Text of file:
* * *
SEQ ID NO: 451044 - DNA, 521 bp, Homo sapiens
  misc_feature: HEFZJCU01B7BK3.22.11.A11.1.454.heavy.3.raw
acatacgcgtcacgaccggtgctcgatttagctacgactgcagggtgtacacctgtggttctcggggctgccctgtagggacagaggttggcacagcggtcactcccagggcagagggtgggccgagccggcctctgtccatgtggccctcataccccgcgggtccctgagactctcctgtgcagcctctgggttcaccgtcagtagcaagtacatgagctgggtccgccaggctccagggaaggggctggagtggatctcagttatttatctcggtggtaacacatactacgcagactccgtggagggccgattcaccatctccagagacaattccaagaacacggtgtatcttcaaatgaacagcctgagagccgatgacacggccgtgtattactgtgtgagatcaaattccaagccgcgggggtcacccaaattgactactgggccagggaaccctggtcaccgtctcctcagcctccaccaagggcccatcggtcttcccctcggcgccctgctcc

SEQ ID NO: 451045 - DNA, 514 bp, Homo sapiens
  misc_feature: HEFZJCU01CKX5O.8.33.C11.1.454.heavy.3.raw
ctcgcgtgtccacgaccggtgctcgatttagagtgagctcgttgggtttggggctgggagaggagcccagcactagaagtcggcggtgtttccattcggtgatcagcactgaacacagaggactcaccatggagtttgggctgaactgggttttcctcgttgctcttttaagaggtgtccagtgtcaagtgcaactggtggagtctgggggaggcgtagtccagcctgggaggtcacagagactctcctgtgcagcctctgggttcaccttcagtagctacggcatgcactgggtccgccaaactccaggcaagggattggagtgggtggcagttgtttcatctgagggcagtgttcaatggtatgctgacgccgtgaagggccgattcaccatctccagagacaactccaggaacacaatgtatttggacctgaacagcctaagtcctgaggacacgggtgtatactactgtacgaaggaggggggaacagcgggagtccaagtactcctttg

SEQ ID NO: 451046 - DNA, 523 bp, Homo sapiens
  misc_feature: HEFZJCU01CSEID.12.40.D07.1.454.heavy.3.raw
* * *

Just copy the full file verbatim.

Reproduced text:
SEQ ID NO: 451044 - DNA, 521 bp, Homo sapiens
  misc_feature: HEFZJCU01B7BK3.22.11.A11.1.454.heavy.3.raw
acatacgcgtcacgaccggtgctcgatttagctacgactgcagggtgtacacctgtggttctcggggctgccctgtagggacagaggttggcacagcggtcactcccagggcagagggtgggccgagccggcctctgtccatgtggccctcataccccgcgggtccctgagactctcctgtgcagcctctgggttcaccgtcagtagcaagtacatgagctgggtccgccaggctccagggaaggggctggagtggatctcagttatttatctcggtggtaacacatactacgcagactccgtggagggccgattcaccatctccagagacaattccaagaacacggtgtatcttcaaatgaacagcctgagagccgatgacacggccgtgtattactgtgtgagatcaaattccaagccgcgggggtcacccaaattgactactgggccagggaaccctggtcaccgtctcctcagcctccaccaagggcccatcggtcttcccctcggcgccctgctcc

SEQ ID NO: 451045 - DNA, 514 bp, Homo sapiens
  misc_feature: HEFZJCU01CKX5O.8.33.C11.1.454.heavy.3.raw
ctcgcgtgtccacgaccggtgctcgatttagagtgagctcgttgggtttggggctgggagaggagcccagcactagaagtcggcggtgtttccattcggtgatcagcactgaacacagaggactcaccatggagtttgggctgaactgggttttcctcgttgctcttttaagaggtgtccagtgtcaagtgcaactggtggagtctgggggaggcgtagtccagcctgggaggtcacagagactctcctgtgcagcctctgggttcaccttcagtagctacggcatgcactgggtccgccaaactccaggcaagggattggagtgggtggcagttgtttcatctgagggcagtgttcaatggtatgctgacgccgtgaagggccgattcaccatctccagagacaactccaggaacacaatgtatttggacctgaacagcctaagtcctgaggacacgggtgtatactactgtacgaaggaggggggaacagcgggagtccaagtactcctttg

SEQ ID NO: 451046 - DNA, 523 bp, Homo sapiens
  misc_feature: HEFZJCU01CSEID.12.40.D07.1.454.heavy.3.raw